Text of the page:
Some Facilities Still Without Access to EHRs, E-Prescribing, Patient Portals
Nearly one month after a ransomware attack on the nation’s fourth-largest hospital network, CommonSpirit Health is struggling to bring back online various IT systems – including electronic medical records, prescriptions and patient appointment scheduling.
CommonSpirit has not publicly disclosed the names or total number of facilities that were affected by the Oct. 3 attack (see: CommonSpirit’s Ransomware Incident Taking Toll on Patients).
Various parts of the medical care conglomerate have issued their own statements and periodic updates about the impact of the incident on their facilities. They include MercyOne, which operates a number of hospitals and other care centers in Iowa, and CHI Health, which operates hospitals and clinics in Iowa and Nebraska.
Chicago-based CommonSpirit is the result of several mergers and acquisitions involving other healthcare organizations, including the combination of Catholic Health Initiatives and Dignity Health in early 2019. CommonSpirit operates 142 hospitals and nearly 2,200 care sites across 21 states.
In its most recent statement addressing the situation, published Oct. 21, MercyOne says most hospital-based systems for its central Iowa facilities are back online, and so is its payroll platform.
CommonSpirit IT is still working to bring other systems back online for central Iowa clinic providers, including access to patient electronic health records and electronic prescription tools, MercyOne says. “It will take some time before we can restore full functionality, and we continue work to bring our systems up as quickly and safely as we can,” MercyOne says.
Similarly, CHI Health in its most recent but undated statement says its parent company, CommonSpirit, is still managing “an IT issue” that is affecting some facilities.
“As a precautionary step, we have taken certain systems offline temporarily,” CHI Health says. “As systems come back online, our providers will be able to access their patients’ electronic health records.”
CHI Health’s patient portal is still temporarily suspended, and CHI providers are following offline processes to manage prescription medications for their patients, the statement says.
No Breach Determination Made – Yet
In an Oct. 17 update posted on its website – which a CommonSpirit spokesman on Friday told Information Security Media Group is the latest status for the incident – the parent organization says affected facilities are still following existing incident response protocols, which include taking offline certain systems such as EHRs and patient portals.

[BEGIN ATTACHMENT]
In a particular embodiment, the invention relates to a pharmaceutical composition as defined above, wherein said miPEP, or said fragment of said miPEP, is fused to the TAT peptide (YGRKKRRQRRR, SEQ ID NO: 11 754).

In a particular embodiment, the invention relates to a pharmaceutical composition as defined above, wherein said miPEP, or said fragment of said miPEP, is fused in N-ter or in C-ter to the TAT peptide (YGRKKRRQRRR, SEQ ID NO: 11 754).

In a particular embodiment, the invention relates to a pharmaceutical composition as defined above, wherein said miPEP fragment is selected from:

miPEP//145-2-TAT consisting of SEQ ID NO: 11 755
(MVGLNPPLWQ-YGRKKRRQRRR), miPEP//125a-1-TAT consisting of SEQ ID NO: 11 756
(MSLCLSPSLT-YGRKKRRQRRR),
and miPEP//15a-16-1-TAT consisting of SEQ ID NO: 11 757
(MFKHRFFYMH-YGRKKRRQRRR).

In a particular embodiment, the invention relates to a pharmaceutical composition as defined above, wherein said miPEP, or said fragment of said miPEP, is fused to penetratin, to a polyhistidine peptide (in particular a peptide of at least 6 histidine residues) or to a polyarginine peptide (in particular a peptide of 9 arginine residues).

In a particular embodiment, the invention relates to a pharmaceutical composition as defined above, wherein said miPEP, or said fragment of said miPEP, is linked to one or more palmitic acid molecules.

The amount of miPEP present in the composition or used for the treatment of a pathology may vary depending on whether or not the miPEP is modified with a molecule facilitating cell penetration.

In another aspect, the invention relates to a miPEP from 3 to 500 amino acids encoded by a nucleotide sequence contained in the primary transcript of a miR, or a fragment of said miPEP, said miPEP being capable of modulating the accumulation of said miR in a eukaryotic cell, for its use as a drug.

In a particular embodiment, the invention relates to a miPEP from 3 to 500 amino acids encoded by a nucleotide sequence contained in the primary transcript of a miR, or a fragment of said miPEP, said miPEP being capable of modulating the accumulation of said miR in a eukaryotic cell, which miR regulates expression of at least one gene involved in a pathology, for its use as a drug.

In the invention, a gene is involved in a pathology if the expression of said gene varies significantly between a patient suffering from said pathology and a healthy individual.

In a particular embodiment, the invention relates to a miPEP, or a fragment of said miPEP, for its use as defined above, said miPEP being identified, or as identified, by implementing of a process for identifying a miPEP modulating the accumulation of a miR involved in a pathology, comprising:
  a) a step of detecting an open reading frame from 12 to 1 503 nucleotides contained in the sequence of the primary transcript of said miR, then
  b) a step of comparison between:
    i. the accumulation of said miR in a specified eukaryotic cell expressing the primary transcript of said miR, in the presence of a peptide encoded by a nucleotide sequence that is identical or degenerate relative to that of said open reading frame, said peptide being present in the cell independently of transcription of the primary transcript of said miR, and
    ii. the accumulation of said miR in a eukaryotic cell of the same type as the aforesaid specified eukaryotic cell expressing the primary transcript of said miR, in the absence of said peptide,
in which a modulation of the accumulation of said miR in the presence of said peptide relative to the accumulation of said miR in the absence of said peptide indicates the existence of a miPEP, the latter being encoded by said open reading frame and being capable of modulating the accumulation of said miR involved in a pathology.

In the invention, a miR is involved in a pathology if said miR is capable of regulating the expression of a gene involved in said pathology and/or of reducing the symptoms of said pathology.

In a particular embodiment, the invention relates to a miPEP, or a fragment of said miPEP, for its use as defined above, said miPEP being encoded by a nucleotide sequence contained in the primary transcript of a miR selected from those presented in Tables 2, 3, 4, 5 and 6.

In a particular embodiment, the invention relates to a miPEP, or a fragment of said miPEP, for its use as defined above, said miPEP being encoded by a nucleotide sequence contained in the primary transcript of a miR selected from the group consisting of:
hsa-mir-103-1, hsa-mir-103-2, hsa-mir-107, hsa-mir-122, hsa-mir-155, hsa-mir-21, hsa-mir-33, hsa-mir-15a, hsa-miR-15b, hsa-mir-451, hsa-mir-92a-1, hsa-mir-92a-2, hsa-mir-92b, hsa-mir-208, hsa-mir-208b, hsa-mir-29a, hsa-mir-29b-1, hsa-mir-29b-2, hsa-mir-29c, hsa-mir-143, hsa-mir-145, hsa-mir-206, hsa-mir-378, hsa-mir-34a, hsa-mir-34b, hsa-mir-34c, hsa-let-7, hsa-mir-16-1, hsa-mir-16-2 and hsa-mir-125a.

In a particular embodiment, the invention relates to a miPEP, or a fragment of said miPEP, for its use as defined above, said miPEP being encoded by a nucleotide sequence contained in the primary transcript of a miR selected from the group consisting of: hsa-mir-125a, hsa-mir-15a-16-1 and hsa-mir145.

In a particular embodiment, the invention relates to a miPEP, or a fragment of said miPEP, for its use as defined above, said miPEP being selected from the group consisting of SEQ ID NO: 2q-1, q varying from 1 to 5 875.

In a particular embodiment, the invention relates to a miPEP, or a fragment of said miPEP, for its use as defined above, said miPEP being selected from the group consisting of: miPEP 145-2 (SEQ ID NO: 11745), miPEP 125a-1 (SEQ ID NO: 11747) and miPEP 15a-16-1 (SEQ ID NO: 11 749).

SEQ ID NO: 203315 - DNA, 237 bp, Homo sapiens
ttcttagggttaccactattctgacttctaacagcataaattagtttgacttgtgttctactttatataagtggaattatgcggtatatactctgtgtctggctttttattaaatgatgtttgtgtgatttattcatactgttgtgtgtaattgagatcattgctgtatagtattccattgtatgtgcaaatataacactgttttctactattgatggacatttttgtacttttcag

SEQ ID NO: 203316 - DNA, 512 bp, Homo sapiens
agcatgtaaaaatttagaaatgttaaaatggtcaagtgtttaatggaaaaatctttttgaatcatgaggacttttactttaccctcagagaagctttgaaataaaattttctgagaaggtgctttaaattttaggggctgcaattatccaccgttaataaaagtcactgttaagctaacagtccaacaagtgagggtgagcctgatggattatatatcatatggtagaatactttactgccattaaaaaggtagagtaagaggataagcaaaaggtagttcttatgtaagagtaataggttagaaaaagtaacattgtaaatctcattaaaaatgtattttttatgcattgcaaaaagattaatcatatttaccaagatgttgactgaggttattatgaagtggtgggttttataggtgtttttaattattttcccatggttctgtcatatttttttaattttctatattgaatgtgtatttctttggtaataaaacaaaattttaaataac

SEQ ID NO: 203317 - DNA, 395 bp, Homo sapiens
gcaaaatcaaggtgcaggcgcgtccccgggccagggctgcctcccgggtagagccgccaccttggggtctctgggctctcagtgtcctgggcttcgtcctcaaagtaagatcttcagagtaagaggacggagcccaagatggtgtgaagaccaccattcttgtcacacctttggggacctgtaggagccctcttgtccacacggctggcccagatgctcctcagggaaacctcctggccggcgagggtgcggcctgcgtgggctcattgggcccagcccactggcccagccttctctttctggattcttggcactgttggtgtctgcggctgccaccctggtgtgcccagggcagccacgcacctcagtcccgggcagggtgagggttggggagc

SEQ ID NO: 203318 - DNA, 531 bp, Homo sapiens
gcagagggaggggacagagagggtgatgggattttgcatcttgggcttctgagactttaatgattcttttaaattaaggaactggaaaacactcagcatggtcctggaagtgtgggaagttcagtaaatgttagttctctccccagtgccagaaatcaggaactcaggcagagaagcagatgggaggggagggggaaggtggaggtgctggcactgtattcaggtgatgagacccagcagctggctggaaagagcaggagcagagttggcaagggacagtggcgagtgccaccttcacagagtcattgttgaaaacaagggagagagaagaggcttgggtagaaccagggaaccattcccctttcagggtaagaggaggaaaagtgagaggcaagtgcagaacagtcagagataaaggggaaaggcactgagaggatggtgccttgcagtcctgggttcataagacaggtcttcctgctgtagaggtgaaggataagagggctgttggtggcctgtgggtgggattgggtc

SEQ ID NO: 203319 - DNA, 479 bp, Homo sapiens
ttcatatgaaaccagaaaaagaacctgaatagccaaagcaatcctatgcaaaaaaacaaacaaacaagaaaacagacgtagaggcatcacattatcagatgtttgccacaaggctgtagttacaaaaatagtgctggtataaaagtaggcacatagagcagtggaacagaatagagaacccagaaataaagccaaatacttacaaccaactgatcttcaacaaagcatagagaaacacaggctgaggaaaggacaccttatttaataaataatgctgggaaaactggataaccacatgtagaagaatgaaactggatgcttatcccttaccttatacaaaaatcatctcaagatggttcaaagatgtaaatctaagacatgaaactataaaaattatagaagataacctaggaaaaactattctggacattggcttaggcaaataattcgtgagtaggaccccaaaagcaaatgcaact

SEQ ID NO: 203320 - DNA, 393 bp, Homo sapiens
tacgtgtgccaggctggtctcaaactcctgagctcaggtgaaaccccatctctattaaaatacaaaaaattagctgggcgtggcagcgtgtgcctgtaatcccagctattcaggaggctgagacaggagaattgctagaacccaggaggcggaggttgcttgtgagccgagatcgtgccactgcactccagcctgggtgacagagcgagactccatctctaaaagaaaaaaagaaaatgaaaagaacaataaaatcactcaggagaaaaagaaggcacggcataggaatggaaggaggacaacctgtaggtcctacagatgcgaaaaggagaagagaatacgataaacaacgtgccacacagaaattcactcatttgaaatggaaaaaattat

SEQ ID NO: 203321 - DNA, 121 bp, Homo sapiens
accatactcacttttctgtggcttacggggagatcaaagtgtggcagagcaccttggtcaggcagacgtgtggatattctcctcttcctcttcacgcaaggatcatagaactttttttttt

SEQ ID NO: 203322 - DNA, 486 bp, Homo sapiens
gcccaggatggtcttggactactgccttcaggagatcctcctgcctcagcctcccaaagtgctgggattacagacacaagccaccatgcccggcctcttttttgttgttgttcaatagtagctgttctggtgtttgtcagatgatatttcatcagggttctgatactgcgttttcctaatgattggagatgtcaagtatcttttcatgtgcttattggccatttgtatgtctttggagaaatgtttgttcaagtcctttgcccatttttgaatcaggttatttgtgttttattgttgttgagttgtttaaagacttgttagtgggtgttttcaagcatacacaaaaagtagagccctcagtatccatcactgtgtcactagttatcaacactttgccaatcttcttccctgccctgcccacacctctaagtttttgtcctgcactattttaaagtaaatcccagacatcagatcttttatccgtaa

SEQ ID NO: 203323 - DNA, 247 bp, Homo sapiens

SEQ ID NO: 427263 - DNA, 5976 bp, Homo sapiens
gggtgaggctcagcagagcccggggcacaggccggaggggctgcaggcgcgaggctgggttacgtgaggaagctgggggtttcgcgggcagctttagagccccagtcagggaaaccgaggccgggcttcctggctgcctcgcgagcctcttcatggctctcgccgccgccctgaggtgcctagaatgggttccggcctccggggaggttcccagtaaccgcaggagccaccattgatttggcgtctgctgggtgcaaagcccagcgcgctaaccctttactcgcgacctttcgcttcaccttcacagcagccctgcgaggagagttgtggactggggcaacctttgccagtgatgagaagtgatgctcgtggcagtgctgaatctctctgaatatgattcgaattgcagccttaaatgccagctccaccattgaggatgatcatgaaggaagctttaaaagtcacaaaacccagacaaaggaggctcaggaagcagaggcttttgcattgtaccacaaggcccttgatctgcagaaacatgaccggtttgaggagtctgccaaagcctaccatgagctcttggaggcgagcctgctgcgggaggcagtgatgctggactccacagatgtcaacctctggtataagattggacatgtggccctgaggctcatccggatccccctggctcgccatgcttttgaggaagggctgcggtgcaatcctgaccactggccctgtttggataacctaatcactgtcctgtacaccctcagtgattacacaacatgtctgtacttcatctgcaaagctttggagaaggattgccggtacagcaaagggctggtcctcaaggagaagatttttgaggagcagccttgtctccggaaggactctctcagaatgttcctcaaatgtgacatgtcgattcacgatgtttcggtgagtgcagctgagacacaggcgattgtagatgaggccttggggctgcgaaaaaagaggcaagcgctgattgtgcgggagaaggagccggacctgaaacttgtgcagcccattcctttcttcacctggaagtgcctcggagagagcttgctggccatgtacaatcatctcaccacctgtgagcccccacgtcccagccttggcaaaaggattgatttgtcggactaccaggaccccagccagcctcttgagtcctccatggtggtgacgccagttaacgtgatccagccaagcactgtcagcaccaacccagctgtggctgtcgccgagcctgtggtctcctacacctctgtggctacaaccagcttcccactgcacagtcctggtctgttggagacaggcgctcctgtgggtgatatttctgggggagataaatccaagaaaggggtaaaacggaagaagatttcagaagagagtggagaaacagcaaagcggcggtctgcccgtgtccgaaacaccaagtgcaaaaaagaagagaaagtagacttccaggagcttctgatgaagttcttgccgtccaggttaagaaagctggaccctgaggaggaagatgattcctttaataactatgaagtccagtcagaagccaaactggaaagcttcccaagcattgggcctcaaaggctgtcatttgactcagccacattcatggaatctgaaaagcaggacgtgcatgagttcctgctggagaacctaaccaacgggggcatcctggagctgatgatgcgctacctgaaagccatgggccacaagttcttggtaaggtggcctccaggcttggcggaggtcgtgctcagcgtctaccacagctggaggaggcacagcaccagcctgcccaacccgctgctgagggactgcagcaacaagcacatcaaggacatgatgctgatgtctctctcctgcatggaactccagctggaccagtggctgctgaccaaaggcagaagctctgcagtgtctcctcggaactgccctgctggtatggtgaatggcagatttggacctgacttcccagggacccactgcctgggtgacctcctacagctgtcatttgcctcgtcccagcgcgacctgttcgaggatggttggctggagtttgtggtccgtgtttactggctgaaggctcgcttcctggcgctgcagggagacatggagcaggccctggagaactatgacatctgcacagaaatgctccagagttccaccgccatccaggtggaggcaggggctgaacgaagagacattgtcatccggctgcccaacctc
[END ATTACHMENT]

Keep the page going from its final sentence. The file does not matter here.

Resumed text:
“We are working diligently every day to bring systems online and restore full functionality as quickly and safely as possible,” CommonSpirit says.
CommonSpirit has yet to say whether patient information was compromised in the incident. The hospital chain says it notified law enforcement of the incident but has not disclosed the type of ransomware involved and whether a ransom was paid.
In a video released in recent days by MercyOne, several of its clinicians commented on effects of the incident.
While still able to care for patients, the IT outage has affected “communications” and access to electronic health records, they say. Another doctor asserts the incident has not affected patient care. Pharmacists, lab technicians, and doctors are providing care “the same way they did a month ago,” that physician says.
At least one patient is known to have been affected by clinicians’ inability to access certain IT systems during the CommonSpirit outage.
Earlier this month, MercyOne Des Moines Medical Center accidentally administered a toddler a dose of medication five times more than what was prescribed – and twice the amount that should have been prescribed based on the patient’s age and size – due to staff being unable to use electronic prescription tools. The child’s parent reports no long-term effects from the episode.
Recovery times in earlier ransomware attacks on some other healthcare entities also have been slow. A ransomware attack last year on San Diego, California-based Scripps Health affected IT systems for about a month.
Earlier this week, the Department of Health and Human Services issued guidance reminding healthcare entities of the importance of having documented and practiced incident response plans at the ready, especially as ransomware and other hacking incidents in the sector surge (see: Feds Urge Healthcare Entities to Train for Incident Response).